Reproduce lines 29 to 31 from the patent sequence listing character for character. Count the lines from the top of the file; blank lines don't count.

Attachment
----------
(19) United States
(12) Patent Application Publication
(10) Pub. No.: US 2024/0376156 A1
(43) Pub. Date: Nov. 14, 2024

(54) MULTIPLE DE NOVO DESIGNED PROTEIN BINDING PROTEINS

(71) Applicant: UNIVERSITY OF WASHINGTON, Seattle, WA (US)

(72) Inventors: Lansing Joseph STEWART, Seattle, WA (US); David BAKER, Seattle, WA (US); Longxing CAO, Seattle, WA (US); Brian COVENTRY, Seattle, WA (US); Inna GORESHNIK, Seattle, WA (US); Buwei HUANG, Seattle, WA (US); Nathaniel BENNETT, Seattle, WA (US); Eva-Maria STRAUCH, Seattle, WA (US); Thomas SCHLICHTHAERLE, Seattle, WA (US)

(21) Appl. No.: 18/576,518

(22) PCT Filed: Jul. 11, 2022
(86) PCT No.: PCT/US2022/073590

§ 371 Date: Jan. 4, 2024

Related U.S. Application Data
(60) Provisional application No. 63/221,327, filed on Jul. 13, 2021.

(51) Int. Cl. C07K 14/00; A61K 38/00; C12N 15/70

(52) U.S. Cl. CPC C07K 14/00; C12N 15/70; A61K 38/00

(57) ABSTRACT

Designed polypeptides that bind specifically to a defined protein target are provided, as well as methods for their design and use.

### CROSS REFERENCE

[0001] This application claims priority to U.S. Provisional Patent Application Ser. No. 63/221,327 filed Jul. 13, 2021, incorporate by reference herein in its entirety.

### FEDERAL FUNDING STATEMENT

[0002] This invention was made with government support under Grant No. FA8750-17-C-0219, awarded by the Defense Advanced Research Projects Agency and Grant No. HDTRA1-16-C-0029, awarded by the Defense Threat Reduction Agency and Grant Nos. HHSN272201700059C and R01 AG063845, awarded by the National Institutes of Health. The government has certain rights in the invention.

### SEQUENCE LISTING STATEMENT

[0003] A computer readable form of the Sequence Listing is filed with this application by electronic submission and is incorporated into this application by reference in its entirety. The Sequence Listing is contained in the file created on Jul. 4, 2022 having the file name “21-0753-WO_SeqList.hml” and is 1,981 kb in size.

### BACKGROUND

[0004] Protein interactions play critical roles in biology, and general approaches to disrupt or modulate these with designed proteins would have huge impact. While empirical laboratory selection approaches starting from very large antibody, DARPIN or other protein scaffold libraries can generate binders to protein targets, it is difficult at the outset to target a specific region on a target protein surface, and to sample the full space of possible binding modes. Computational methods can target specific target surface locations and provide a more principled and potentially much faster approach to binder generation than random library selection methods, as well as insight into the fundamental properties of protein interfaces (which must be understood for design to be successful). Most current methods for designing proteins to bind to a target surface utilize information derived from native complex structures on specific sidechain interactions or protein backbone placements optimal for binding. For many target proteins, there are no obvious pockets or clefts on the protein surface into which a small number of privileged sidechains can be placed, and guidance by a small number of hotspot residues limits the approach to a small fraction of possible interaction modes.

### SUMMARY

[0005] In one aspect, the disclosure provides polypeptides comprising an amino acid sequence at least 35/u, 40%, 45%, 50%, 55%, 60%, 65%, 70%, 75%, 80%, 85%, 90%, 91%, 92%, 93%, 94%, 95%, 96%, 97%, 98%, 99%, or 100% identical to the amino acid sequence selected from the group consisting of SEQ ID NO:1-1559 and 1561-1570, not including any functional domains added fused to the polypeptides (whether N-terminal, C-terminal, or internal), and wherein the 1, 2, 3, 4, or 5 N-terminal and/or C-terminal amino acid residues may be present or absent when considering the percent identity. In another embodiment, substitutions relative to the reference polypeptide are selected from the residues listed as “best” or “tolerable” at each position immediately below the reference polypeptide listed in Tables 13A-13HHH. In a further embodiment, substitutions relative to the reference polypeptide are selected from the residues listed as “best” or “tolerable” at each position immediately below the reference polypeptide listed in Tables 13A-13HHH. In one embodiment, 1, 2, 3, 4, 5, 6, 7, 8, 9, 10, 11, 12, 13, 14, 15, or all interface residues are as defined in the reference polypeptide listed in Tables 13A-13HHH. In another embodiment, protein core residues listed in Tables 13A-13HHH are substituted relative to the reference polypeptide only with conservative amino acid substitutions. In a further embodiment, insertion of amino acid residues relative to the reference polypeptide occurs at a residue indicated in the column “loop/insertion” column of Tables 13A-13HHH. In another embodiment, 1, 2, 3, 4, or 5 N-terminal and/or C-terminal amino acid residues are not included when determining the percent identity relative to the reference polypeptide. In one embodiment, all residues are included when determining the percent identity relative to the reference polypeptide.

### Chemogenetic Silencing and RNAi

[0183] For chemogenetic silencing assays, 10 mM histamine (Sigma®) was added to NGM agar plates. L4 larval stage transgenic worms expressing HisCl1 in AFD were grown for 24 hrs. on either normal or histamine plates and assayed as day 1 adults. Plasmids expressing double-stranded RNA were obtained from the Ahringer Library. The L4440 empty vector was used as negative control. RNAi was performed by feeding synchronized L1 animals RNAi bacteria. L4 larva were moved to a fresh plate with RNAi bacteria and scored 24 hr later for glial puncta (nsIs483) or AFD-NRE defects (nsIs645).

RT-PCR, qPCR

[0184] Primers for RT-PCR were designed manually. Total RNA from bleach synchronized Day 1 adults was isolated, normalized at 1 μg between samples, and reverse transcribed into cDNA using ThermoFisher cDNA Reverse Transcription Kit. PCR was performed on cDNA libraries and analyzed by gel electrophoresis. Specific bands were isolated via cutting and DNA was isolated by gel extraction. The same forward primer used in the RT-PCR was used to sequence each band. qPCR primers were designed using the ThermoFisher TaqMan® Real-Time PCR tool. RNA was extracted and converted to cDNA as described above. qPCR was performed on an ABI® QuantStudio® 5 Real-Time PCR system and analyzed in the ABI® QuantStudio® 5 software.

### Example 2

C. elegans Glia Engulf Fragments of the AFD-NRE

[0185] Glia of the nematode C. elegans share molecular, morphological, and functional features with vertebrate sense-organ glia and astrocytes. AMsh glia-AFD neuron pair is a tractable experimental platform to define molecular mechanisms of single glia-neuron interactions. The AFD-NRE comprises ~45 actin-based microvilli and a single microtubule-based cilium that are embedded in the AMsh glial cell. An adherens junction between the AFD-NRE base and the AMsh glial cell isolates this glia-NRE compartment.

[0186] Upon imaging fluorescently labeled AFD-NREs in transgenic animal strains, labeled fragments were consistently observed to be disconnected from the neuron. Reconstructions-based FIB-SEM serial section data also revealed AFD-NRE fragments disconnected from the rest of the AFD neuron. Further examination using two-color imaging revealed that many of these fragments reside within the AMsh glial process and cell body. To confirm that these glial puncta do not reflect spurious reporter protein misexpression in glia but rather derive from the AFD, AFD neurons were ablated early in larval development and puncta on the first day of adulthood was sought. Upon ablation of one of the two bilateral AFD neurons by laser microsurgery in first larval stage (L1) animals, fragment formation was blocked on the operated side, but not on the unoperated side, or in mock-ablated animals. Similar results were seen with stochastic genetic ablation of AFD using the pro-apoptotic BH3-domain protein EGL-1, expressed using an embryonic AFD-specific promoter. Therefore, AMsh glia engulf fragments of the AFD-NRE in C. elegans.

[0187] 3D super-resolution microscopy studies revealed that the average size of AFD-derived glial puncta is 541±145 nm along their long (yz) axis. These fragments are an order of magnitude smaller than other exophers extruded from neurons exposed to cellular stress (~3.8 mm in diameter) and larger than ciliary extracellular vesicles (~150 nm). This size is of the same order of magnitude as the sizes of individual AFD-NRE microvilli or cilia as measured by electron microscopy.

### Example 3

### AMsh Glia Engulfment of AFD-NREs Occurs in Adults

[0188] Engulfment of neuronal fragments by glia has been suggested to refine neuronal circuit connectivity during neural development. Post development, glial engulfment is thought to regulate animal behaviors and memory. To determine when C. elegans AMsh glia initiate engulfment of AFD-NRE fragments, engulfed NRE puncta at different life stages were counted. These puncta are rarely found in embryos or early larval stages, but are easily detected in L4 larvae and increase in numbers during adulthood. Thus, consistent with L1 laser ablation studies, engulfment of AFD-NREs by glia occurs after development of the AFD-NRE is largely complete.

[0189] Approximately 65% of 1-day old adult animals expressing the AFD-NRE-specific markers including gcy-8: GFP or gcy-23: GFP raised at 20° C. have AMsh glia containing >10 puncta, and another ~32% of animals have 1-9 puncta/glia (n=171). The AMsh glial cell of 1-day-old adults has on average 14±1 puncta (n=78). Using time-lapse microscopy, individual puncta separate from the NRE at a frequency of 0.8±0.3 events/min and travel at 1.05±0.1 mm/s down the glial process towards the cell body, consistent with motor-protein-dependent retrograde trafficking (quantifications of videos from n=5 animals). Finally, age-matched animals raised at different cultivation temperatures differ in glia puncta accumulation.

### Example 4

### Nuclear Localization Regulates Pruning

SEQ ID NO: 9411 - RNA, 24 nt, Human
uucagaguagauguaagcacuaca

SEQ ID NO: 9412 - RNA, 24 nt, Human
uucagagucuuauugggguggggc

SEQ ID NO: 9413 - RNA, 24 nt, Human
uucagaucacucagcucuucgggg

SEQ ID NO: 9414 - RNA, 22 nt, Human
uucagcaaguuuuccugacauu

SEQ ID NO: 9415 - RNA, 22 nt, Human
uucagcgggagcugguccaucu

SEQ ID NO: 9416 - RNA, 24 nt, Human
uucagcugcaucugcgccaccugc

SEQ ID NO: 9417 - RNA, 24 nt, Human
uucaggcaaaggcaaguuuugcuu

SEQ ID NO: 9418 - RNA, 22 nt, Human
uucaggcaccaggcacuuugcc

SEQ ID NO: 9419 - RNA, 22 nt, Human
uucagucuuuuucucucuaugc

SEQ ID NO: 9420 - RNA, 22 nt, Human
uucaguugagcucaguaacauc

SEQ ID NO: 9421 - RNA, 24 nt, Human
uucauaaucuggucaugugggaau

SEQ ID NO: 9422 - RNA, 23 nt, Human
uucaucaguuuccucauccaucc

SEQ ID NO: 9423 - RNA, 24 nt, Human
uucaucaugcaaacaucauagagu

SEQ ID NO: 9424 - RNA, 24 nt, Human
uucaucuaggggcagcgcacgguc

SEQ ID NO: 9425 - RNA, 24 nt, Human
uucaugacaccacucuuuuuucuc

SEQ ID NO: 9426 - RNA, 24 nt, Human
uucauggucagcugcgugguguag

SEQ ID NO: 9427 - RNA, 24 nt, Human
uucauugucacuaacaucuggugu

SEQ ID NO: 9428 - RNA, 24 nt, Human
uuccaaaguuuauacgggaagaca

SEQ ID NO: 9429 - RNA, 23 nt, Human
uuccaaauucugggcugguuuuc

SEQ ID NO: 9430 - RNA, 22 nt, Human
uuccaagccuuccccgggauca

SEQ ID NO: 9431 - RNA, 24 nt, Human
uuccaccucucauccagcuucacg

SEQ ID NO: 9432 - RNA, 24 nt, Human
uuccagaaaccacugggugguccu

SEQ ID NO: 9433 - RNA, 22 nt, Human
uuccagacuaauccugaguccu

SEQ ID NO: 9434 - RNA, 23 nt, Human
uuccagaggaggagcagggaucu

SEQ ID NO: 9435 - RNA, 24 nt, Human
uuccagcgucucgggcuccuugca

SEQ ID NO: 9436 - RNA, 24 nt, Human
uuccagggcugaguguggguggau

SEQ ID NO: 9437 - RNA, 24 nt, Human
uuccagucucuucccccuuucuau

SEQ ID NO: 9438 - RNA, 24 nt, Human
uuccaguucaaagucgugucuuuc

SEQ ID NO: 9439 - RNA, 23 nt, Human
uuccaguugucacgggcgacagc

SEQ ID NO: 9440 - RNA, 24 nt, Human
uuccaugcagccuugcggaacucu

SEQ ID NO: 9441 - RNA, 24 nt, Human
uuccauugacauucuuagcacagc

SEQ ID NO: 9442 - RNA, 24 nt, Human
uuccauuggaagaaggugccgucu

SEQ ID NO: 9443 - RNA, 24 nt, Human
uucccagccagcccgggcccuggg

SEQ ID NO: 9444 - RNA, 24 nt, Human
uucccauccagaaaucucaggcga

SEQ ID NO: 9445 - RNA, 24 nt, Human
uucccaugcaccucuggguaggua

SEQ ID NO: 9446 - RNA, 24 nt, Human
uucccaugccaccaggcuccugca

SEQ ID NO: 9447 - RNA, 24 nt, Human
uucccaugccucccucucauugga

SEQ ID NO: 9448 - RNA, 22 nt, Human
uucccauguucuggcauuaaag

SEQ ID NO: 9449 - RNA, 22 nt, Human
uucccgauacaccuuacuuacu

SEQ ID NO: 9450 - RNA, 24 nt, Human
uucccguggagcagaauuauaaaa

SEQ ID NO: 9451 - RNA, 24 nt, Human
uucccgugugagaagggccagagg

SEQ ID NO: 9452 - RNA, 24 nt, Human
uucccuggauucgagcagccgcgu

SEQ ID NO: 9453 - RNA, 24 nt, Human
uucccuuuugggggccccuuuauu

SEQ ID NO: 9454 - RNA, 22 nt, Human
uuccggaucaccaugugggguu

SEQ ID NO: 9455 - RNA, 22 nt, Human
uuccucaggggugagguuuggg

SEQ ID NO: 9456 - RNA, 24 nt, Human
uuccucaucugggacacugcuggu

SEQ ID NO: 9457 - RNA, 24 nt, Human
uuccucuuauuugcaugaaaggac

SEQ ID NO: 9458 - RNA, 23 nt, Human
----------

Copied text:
[0183] For chemogenetic silencing assays, 10 mM histamine (Sigma®) was added to NGM agar plates. L4 larval stage transgenic worms expressing HisCl1 in AFD were grown for 24 hrs. on either normal or histamine plates and assayed as day 1 adults. Plasmids expressing double-stranded RNA were obtained from the Ahringer Library. The L4440 empty vector was used as negative control. RNAi was performed by feeding synchronized L1 animals RNAi bacteria. L4 larva were moved to a fresh plate with RNAi bacteria and scored 24 hr later for glial puncta (nsIs483) or AFD-NRE defects (nsIs645).

RT-PCR, qPCR

[0184] Primers for RT-PCR were designed manually. Total RNA from bleach synchronized Day 1 adults was isolated, normalized at 1 μg between samples, and reverse transcribed into cDNA using ThermoFisher cDNA Reverse Transcription Kit. PCR was performed on cDNA libraries and analyzed by gel electrophoresis. Specific bands were isolated via cutting and DNA was isolated by gel extraction. The same forward primer used in the RT-PCR was used to sequence each band. qPCR primers were designed using the ThermoFisher TaqMan® Real-Time PCR tool. RNA was extracted and converted to cDNA as described above. qPCR was performed on an ABI® QuantStudio® 5 Real-Time PCR system and analyzed in the ABI® QuantStudio® 5 software.